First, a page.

Word of the DayTuesday, January 13, 2009
\ahy-KON-uh-klast\ , noun;
a person who attacks cherished beliefs or institutions as foolish or wrong
In the end, Miles characterizes Zappa, for better or worse, as "an iconoclast in the male tradition of Neal Cassady, Hunter S. Thompson, William S. Burroughs, Ken Kesey, Allen Ginsberg, Lenny Bruce and the early Norman Mailer."
-- Carmela Ciuraru, LA Times, 2004-11-15
Al-Mutawa's decision to attend Tufts was also somewhat random - he followed the footsteps of a cousin - and, once there, he resumed his status as an iconoclast.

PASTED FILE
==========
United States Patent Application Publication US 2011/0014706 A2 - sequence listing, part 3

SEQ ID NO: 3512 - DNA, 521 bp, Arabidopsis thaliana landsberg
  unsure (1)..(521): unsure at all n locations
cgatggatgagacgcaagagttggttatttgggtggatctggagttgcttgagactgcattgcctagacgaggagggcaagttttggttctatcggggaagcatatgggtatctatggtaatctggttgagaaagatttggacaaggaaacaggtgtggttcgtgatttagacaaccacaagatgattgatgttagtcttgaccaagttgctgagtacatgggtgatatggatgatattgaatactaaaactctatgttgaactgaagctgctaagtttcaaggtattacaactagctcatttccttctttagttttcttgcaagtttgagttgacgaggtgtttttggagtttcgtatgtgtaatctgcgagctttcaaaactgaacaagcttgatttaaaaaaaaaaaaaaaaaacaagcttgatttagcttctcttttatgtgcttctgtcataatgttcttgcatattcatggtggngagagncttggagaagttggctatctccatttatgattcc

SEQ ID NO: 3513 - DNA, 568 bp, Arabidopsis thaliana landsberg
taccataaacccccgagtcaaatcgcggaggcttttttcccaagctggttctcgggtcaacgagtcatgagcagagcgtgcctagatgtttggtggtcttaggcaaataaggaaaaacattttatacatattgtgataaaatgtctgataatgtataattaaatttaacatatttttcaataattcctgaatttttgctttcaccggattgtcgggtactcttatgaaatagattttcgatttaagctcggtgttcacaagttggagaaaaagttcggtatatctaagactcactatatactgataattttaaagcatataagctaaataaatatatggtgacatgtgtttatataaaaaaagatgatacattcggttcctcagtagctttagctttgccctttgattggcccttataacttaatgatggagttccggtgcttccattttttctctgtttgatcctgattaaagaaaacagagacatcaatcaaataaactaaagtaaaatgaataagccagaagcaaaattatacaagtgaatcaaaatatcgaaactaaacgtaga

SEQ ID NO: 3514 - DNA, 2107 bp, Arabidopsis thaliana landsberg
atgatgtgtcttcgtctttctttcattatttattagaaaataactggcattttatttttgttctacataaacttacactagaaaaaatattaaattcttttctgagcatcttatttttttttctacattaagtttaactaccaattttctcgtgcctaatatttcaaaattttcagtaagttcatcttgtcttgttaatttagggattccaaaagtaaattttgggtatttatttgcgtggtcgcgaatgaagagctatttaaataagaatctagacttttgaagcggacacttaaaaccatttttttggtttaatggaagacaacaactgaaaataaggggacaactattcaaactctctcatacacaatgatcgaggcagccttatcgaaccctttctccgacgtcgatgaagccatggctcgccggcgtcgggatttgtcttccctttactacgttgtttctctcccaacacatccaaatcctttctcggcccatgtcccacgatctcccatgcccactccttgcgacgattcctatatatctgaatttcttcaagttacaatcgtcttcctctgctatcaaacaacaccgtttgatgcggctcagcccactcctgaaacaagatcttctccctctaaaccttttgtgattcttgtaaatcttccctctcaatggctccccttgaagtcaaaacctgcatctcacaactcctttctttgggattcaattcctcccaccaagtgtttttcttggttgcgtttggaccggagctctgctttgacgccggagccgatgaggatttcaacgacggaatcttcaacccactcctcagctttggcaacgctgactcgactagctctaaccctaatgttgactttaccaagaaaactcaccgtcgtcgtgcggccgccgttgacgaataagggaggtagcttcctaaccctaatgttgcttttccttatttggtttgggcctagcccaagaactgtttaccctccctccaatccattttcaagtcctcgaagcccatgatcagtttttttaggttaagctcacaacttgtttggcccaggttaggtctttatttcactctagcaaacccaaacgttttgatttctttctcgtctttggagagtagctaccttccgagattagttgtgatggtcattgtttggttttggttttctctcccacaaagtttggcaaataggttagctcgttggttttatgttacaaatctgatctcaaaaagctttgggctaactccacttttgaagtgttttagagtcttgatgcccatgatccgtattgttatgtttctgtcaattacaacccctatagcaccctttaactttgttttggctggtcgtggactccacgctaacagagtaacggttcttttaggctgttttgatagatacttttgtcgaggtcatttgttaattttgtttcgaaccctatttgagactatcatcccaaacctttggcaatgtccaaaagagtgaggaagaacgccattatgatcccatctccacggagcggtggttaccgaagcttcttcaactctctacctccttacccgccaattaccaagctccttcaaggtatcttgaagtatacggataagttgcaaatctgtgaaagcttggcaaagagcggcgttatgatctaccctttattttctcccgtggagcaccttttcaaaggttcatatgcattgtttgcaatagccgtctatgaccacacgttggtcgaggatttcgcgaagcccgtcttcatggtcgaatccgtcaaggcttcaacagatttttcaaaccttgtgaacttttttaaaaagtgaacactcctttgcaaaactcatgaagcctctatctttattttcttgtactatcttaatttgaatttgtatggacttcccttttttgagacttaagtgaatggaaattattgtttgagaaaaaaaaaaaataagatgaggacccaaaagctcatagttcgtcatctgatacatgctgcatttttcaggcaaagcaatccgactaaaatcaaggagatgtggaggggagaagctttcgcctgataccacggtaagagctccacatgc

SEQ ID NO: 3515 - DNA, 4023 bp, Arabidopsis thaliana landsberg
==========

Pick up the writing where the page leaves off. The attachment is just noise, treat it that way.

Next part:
-- Jake Halpern, Boston Globe, 2007-10-14
by 1596, from French iconoclaste, from Middle Latin iconoclastes, from Late Greek eikonoklastes, from eikon "image" + klastes "breaker," from klan "to break." Originally the word referred those in the Eastern Church in 8th and 9th centuries whose mobs of followers destroyed icons and other religious objects on the grounds that they were idols. Extended sense of "one who attacks orthodox beliefs or institutions" is first attested 1842.
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